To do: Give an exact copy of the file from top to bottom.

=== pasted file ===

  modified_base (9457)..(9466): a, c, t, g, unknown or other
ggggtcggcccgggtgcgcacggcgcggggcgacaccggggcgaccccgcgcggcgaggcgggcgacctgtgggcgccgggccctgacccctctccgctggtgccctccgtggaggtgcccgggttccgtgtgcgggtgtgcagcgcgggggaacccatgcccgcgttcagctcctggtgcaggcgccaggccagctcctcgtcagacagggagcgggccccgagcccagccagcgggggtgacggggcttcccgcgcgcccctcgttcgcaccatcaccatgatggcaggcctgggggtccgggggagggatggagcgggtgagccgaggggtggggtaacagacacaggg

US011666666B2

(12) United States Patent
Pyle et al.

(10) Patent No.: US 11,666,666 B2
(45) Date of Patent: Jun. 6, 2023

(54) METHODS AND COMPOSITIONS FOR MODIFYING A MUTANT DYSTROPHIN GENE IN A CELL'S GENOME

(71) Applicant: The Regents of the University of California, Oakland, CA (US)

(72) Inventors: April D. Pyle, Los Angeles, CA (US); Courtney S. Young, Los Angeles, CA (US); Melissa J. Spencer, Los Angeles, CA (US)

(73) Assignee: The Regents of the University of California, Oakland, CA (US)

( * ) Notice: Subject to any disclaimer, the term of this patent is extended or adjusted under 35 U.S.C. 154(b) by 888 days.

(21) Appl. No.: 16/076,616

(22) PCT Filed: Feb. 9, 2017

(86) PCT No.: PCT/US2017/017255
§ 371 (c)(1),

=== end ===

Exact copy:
  modified_base (9457)..(9466): a, c, t, g, unknown or other
ggggtcggcccgggtgcgcacggcgcggggcgacaccggggcgaccccgcgcggcgaggcgggcgacctgtgggcgccgggccctgacccctctccgctggtgccctccgtggaggtgcccgggttccgtgtgcgggtgtgcagcgcgggggaacccatgcccgcgttcagctcctggtgcaggcgccaggccagctcctcgtcagacagggagcgggccccgagcccagccagcgggggtgacggggcttcccgcgcgcccctcgttcgcaccatcaccatgatggcaggcctgggggtccgggggagggatggagcgggtgagccgaggggtggggtaacagacacaggg

US011666666B2

(12) United States Patent
Pyle et al.

(10) Patent No.: US 11,666,666 B2
(45) Date of Patent: Jun. 6, 2023

(54) METHODS AND COMPOSITIONS FOR MODIFYING A MUTANT DYSTROPHIN GENE IN A CELL'S GENOME

(71) Applicant: The Regents of the University of California, Oakland, CA (US)

(72) Inventors: April D. Pyle, Los Angeles, CA (US); Courtney S. Young, Los Angeles, CA (US); Melissa J. Spencer, Los Angeles, CA (US)

(73) Assignee: The Regents of the University of California, Oakland, CA (US)

( * ) Notice: Subject to any disclaimer, the term of this patent is extended or adjusted under 35 U.S.C. 154(b) by 888 days.

(21) Appl. No.: 16/076,616

(22) PCT Filed: Feb. 9, 2017

(86) PCT No.: PCT/US2017/017255
§ 371 (c)(1),